« AnteriorContinuar »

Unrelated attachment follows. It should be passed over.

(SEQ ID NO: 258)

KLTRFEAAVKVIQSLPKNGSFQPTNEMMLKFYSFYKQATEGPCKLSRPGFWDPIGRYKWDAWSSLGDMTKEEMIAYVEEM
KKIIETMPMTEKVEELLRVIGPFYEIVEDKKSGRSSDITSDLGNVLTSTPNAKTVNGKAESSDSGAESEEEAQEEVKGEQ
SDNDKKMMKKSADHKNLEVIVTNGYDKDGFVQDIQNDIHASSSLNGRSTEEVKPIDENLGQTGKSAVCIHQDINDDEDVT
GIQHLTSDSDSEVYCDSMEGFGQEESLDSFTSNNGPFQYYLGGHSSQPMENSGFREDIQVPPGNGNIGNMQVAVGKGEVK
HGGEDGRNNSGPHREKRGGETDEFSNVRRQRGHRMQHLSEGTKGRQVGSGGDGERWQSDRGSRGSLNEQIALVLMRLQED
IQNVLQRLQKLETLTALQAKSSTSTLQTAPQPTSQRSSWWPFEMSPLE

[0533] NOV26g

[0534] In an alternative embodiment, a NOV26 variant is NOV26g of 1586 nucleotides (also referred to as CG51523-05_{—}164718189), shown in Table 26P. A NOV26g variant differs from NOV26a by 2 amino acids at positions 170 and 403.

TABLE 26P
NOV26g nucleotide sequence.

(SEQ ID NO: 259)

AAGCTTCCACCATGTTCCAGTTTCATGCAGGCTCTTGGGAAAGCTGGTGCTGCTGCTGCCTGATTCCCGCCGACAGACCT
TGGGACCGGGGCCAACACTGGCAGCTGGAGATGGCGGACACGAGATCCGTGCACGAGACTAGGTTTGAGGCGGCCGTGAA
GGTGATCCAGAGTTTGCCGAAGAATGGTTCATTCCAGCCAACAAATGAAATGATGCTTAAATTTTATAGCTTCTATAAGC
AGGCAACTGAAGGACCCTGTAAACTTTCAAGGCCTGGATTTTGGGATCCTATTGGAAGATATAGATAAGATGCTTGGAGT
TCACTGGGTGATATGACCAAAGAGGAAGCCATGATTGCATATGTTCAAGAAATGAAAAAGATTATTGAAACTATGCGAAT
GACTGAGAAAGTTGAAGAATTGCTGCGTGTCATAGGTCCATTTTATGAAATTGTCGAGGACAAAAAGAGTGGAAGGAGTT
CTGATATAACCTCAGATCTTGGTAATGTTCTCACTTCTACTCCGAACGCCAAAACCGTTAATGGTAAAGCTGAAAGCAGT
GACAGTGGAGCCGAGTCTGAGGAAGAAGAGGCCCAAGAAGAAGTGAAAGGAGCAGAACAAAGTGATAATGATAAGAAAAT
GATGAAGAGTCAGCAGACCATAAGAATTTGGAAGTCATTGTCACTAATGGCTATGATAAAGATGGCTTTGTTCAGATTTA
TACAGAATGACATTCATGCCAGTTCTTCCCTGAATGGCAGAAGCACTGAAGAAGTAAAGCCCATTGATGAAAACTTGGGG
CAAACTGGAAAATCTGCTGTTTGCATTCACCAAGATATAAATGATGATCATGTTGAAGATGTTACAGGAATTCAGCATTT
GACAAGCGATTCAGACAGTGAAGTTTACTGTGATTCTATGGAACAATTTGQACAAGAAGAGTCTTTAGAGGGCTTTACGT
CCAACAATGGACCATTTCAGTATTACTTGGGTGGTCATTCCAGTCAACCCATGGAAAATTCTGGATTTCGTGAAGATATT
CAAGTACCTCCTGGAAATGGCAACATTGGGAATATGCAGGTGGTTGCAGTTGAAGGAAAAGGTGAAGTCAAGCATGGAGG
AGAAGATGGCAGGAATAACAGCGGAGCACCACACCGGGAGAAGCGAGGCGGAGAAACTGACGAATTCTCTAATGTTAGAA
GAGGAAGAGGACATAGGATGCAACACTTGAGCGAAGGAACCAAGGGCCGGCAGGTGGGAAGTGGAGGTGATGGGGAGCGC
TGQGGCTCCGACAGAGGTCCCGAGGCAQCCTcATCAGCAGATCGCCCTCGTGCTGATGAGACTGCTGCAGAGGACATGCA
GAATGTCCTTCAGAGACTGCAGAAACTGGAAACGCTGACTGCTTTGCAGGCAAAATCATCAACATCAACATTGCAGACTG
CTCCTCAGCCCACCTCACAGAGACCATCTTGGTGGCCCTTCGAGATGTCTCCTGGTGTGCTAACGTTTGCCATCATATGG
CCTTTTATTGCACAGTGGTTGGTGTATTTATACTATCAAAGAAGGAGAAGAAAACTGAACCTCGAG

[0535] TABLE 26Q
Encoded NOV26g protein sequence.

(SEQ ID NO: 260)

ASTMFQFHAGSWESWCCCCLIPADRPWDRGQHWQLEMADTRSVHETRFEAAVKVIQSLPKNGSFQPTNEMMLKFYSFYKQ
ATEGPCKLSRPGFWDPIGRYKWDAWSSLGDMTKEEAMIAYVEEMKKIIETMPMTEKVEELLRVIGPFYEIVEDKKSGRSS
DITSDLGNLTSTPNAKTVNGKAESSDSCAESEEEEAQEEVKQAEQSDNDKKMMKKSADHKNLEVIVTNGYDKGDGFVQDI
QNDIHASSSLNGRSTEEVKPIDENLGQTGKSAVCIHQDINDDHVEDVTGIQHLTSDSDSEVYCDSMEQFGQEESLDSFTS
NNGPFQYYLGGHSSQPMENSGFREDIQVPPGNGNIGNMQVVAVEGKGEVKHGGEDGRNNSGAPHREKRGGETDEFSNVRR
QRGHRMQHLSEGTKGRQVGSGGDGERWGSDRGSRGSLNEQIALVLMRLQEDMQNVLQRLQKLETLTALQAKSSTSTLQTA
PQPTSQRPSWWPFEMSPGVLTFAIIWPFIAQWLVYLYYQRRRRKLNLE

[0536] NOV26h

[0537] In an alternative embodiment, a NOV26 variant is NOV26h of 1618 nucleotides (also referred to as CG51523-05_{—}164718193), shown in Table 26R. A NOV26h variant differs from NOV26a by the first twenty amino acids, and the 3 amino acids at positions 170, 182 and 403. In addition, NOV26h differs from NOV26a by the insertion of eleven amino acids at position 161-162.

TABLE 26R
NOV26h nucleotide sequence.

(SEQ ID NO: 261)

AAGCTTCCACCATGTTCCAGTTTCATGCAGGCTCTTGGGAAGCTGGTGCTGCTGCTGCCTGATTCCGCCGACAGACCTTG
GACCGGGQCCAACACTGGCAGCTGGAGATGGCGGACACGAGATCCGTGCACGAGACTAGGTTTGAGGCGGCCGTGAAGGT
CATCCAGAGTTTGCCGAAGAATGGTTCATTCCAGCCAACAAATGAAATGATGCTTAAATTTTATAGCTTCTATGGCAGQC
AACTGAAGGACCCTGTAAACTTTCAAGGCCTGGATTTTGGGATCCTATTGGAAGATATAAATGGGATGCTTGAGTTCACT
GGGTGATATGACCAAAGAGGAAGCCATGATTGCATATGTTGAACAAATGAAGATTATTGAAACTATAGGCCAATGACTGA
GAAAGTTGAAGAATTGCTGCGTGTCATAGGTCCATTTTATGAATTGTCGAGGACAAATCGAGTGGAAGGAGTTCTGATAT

erecting a good and substantial building for the reception of various classes of poor, and as an house of correction. Whereupon Messrs. Roome, Bayard, Fell, and Burger, who were Aldermen, with three other gentlemen, were appointed a committee to fix upon a suitable piece of ground, and to purchase materials for the purpose. They, eventually, chose a spot, then called the Vineyard; the very place on which now stands our City-Hall. The house erected was 65 feet by 24, two stories high, with good cellar apartments. The front room to the right, was appropriated to the use of the Superintendant; the first of whom was John Seabring, having a wife and one child. The upper room, on the west side, was used as an Infirmary; the first physician of which was Dr. John Van Buren, grandfather of the present Dr. Van · Buren of this city; who held his office thirty years. His salary was one hundred pounds a year; out of which he found his own medicines. Trustees, by an annual election, were appointed to the Institution, who regularly met once a week. The description of persons received to this house were--the Indigent Poor, the Sick, the Orphan, the Maniac, and the Refractory. This house of poor was supported out of what was then called the Minister's Fund, a small tax upon the inhabitants, and by voluntary contributions, which sometimes were very liberal. Besides, the clergy of this city benevolently took their turn, weekly, in preaching the Gospel to the poor.